A toolbox for R arrays. Flexibly split, bind, reshape, modify, subset and name arrays.
A toolbox for working with R arrays in a functional programming style. Flexibly split, bind, reshape, modify, subset, and name arrays.
The package provides:
split_on_dim()
and split_along_dim()
which take an array and return a list.
bind_on_dim()
and bind_as_dim()
take a list and return an array.
modify_along_dim()
takes an array, calls the passed function .f()
on each subset of the specified dimension, and returns an array of the same shape. (think of this as a safer and sometimes faster alternative to base::apply()
that is guaranteed to return an array of the same shape as it received)
extract_dim()
a wrapper around [
that allows you to specify the dimension being subset as a function argument. For example, extract_dim(X, 1, idx)
will extract idx
on the first dimension, regardless how many dimensions are in the array X
. Contrast this with the base alternative X[idx,,]
, where you have to match the number of commas ,
to the number of dimensions in X
.
Many of the functions have two variants *_rows()
and *_cols()
for the two most common case of the first and last dimension. For example split_on_rows()
which is equivalent to split_on_dim(X, 1)
and split_on_cols()
which is equivalent to split_on_dim(X, -1)
set_dim()
and set_dimnames()
, pipe-friendly and more flexible versions of dim<-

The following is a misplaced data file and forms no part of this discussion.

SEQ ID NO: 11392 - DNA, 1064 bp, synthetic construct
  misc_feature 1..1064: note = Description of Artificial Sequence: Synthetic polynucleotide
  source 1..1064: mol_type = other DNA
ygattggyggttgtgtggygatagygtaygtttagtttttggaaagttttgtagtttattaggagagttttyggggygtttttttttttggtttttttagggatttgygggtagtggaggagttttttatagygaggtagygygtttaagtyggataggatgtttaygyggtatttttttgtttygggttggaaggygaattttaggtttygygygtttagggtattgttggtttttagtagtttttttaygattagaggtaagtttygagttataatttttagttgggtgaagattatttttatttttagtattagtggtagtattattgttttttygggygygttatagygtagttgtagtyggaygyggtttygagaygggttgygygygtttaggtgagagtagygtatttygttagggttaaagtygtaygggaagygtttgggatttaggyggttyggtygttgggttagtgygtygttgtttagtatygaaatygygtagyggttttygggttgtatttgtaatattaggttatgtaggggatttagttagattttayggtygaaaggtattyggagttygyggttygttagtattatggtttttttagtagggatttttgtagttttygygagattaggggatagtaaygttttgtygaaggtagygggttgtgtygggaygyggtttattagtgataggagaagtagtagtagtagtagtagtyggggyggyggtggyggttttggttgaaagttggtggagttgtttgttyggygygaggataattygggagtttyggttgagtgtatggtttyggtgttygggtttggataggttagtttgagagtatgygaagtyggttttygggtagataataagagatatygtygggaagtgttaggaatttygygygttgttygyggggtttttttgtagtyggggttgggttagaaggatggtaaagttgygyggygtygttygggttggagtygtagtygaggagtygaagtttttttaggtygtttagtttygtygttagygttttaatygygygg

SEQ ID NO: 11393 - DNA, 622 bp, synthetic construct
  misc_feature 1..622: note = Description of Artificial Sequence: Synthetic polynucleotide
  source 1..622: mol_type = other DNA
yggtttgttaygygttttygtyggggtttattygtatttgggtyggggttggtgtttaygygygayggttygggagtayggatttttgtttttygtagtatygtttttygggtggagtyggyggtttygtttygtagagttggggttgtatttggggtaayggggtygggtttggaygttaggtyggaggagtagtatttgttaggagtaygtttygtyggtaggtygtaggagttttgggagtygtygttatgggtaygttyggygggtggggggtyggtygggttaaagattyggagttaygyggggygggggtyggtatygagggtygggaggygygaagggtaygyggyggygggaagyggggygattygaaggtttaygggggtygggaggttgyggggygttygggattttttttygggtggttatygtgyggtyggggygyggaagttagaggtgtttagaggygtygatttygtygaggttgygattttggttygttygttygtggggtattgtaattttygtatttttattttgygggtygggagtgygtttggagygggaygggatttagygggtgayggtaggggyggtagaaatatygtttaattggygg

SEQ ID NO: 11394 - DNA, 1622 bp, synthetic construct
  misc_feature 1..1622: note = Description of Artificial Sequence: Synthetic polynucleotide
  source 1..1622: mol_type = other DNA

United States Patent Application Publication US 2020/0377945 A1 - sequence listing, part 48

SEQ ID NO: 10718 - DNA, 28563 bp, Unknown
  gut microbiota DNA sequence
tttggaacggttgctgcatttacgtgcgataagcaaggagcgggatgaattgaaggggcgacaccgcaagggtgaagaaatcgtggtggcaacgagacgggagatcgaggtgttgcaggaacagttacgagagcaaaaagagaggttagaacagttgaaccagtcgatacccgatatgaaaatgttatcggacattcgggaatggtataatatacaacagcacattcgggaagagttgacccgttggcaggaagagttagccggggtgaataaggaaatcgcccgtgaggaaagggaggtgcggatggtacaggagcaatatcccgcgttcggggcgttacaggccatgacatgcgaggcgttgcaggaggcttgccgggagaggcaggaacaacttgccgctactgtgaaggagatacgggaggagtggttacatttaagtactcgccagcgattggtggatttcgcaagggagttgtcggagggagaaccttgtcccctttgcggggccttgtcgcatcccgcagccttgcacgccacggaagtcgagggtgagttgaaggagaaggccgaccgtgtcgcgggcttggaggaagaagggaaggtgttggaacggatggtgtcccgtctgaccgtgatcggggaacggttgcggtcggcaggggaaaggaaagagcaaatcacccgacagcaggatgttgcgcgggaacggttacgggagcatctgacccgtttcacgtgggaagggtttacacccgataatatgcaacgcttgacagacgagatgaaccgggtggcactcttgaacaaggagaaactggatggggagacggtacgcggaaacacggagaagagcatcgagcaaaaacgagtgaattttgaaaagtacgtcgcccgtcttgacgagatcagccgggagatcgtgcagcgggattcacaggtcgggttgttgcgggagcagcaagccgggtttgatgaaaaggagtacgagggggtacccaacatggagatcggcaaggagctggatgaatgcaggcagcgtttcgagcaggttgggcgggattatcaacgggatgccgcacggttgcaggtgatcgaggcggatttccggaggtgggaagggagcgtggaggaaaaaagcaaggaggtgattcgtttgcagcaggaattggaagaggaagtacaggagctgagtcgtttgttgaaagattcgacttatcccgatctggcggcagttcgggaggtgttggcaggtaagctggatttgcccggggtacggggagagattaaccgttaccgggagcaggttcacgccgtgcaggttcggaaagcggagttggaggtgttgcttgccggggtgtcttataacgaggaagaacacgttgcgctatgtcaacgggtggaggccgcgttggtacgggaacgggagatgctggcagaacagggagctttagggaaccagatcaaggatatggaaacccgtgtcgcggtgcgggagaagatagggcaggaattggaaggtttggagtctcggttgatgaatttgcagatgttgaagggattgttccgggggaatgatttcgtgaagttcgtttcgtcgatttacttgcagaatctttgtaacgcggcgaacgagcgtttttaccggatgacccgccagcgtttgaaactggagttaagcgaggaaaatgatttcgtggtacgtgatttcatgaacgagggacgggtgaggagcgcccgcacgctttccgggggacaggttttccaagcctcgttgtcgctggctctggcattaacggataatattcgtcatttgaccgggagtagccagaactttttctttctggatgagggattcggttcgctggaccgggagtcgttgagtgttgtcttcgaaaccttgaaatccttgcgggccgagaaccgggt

and dimnames<-
dim2()<-
, set_dim2()
, array2()
, which reshape or fills arrays using row-major (C-style) semantics
t.array()
a transpose method for multi-dimentional arrays
A handful of lower-level helpers that abstract out patterns commonly encountered while working with arrays, for example seq_along_rows()
(a combination of seq_along()
and nrow()
).
A set of functions that help encode atomic vectors as onehot()
binary matrix's and decode_onehot()
back into atomic vectors. (for example if training a neural network with keras)
Many of the functions work recursively if provided a list of arrays. This is particularly useful in combination with zeallot::`%<-%`()
multi-assignment operator, which allows for patterns like:
c(X, Y) %<-% shuffle_rows(X, Y, in_sync = TRUE)
You can install listarrays from CRAN with:
install.packages("listarrays")
Or install the development version from github with:
devtools::install_github("t-kalinowski/listarrays")